After the election loss, Stevenson used the time to gain his exposure and knowledge. Looking back, it was clear that he would likely try again in 1956. Ordinarily, a person gets one chance to win for his or her party, then they are done. But Stevenson somehow managed to maintain his position as the leader of the Democratic party, even though no such position exists outside of Congress and the Senate. He travelled extensively and returned to secure the 1956 nomination as well. A Republican victory was expected, so many individuals did not want the job of running against Eisenhower. Stevenson was more determine than in 1952, and he fought hard. Unfortunately, his liberal message did not penetrate the electorate, and he lost even worse than in 1952.

After another defeat, Stevenson returned to practicing law. For whatever reason, he contemplated seeking the 1960 nomination. That would have been an unprecedented third nomination. Perhaps he thought that with the White House empty, he could finally move in. Unfortunately, the party was very much in favour of Senator John Kennedy, and Stevenson did not stand a chance. When Kennedy won in 1960, he appointed Stevenson U.S. Ambassador to the United Nations. Stevenson had been expecting a better position, but his relationship with Kennedy was somewhat strained. Stevenson served as Ambassador until his death from a sudden heart attack in 1965. He was only 65 years old.

The similarities between Stevenson and Stanfield are striking. The two men were well respected for their intellect and dedication, but viewed as indecisive and somewhat weak potential national leaders. They also faced opponents who were looked upon better by the electorate. Stanfield’s political ambitions were derailed by a single photo, as Stevenson’s were. A photo showing a hole in Stevenson’s shoe, was used to show how cheap and frugal he was. The two men also could also not master television, which was a new and emerging medium in the 1950’s and 1960’s.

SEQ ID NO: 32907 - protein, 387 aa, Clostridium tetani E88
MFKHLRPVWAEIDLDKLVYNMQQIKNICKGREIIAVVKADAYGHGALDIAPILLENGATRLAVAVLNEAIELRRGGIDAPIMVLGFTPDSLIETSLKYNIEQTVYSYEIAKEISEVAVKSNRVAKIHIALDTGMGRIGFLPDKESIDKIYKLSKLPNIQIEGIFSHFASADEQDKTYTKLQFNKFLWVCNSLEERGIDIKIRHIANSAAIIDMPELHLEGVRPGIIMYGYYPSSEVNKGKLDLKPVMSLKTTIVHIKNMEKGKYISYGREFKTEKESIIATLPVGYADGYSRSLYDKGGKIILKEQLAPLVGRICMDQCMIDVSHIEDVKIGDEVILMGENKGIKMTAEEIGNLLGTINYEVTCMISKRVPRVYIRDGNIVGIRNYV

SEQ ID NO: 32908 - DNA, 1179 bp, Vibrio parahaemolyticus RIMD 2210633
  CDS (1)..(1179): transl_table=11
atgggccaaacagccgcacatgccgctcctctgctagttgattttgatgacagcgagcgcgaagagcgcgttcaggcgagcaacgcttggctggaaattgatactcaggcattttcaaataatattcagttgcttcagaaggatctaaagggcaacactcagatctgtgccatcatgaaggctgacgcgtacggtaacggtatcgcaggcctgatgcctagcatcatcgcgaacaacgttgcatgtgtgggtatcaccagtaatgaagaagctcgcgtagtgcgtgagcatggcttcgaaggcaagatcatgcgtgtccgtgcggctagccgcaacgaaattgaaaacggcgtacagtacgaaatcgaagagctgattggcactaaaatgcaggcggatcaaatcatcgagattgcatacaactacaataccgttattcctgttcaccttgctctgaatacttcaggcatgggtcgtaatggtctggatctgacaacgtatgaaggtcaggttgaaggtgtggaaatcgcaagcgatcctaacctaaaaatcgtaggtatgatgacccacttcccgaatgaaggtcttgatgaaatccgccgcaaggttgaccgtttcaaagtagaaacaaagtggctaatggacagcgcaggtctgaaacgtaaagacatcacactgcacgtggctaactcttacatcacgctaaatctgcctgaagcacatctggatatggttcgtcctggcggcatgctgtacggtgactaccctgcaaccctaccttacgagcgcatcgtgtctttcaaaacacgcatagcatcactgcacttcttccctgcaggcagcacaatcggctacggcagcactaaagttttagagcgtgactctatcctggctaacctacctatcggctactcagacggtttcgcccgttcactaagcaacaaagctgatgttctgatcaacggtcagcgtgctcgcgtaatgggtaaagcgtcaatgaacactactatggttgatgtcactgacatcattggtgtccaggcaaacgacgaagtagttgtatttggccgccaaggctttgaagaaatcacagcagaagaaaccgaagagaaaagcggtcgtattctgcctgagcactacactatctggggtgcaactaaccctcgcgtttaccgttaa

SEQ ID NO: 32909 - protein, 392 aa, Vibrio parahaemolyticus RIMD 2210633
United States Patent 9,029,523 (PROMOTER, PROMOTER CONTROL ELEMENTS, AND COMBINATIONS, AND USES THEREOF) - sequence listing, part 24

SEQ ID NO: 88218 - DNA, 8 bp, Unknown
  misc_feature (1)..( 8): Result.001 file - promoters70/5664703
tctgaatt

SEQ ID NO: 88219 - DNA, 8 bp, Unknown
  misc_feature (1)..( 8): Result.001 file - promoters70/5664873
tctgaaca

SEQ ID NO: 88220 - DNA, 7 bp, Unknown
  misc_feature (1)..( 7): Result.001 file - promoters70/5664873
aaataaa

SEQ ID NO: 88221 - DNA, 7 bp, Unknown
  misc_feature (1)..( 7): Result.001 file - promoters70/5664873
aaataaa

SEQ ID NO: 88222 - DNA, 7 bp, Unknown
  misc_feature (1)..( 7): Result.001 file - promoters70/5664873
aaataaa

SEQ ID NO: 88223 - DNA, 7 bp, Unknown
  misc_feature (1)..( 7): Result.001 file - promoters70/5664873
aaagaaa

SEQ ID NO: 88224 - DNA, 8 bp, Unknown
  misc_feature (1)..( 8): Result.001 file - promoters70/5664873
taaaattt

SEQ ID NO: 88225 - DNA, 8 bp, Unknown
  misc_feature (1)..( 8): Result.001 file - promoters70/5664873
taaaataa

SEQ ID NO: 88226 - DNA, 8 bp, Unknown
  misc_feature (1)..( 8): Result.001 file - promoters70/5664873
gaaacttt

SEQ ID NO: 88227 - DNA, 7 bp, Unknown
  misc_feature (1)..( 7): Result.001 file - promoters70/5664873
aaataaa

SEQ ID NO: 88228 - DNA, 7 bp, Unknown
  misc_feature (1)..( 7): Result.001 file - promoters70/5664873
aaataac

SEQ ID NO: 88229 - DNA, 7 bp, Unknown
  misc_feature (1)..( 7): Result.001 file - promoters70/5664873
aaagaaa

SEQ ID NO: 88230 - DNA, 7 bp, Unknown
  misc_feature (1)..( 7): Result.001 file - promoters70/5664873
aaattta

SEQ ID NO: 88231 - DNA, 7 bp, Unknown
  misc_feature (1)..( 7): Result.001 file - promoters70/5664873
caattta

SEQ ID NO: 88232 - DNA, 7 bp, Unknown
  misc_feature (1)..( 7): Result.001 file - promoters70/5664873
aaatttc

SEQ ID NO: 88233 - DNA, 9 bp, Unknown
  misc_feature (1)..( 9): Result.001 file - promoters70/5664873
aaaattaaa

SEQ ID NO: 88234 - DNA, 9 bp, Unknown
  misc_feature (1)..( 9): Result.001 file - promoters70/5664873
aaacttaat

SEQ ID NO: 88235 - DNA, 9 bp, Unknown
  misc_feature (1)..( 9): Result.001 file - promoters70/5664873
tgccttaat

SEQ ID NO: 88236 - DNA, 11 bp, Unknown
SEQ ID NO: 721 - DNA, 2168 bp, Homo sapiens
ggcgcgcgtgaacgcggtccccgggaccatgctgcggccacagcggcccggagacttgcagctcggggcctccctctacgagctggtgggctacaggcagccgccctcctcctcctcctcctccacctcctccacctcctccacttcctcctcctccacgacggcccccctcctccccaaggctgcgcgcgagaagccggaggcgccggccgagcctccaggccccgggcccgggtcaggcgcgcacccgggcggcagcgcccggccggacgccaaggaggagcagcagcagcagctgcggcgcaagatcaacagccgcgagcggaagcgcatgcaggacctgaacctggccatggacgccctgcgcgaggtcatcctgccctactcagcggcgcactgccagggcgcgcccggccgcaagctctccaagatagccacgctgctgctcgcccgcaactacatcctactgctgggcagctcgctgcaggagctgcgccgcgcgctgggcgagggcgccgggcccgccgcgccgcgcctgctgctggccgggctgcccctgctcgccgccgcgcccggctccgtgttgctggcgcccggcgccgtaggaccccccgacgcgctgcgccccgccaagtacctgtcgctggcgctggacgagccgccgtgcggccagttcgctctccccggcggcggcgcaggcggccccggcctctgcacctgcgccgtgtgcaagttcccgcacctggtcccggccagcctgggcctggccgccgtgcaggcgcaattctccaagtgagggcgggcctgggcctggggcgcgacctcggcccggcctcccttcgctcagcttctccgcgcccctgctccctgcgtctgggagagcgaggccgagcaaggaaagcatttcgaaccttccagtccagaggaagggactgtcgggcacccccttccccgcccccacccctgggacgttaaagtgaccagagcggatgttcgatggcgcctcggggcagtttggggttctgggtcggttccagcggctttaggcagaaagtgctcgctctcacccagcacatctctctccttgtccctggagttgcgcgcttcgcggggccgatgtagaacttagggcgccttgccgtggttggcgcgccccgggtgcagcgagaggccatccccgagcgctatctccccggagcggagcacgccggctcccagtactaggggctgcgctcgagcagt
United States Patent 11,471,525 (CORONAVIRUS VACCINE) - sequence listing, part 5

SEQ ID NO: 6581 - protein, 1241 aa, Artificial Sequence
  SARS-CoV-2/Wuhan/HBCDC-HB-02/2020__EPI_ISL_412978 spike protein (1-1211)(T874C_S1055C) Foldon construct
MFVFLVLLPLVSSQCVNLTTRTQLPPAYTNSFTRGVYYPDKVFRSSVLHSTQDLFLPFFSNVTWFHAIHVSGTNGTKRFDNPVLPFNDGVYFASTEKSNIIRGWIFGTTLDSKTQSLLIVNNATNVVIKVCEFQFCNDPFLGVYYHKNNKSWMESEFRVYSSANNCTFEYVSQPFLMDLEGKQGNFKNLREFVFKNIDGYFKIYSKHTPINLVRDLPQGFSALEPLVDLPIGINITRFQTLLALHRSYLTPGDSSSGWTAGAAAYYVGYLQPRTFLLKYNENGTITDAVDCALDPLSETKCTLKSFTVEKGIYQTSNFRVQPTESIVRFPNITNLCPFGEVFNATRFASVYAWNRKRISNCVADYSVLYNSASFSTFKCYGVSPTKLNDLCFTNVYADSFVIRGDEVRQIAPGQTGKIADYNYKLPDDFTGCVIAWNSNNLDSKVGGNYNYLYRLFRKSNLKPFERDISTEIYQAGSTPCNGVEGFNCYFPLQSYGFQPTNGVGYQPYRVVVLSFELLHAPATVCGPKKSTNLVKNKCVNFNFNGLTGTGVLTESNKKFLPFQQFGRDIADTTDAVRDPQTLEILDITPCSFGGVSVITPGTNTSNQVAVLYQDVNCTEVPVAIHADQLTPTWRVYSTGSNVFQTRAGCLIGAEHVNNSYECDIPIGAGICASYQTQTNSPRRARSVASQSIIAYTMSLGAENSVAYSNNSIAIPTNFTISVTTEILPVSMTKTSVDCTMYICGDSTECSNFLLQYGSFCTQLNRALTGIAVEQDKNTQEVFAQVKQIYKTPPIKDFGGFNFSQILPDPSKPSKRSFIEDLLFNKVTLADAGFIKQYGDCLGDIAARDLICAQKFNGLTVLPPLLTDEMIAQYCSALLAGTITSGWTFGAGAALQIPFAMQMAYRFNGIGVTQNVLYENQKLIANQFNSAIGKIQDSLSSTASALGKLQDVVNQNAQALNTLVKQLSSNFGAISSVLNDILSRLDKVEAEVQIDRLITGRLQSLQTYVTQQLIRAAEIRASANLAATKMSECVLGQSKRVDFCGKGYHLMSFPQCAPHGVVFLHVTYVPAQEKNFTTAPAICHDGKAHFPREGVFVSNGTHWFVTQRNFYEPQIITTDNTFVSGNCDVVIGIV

Unfortunately there is no section in the history books for ‘good guys’. It is undeniable that Stanfield and Stevenson were ‘good guys’, but that’s not always what the country needs. As some of you pointed out on the Stanfield post, Trudeau was perhaps what the country needed at that moment in time. The same could be said for the United States and Eisenhower, even though I am sure Stevenson would beg to differ.

What are your thoughts on Adlai Stevenson? Had you heard of him before today? Would he have made a good president?



About Chris James

A student of political science at a Canadian University sharing stories of interest on Canadian and American political and social issues.

Posted on February 18, 2011, in Uncategorized. Bookmark the permalink. Leave a comment.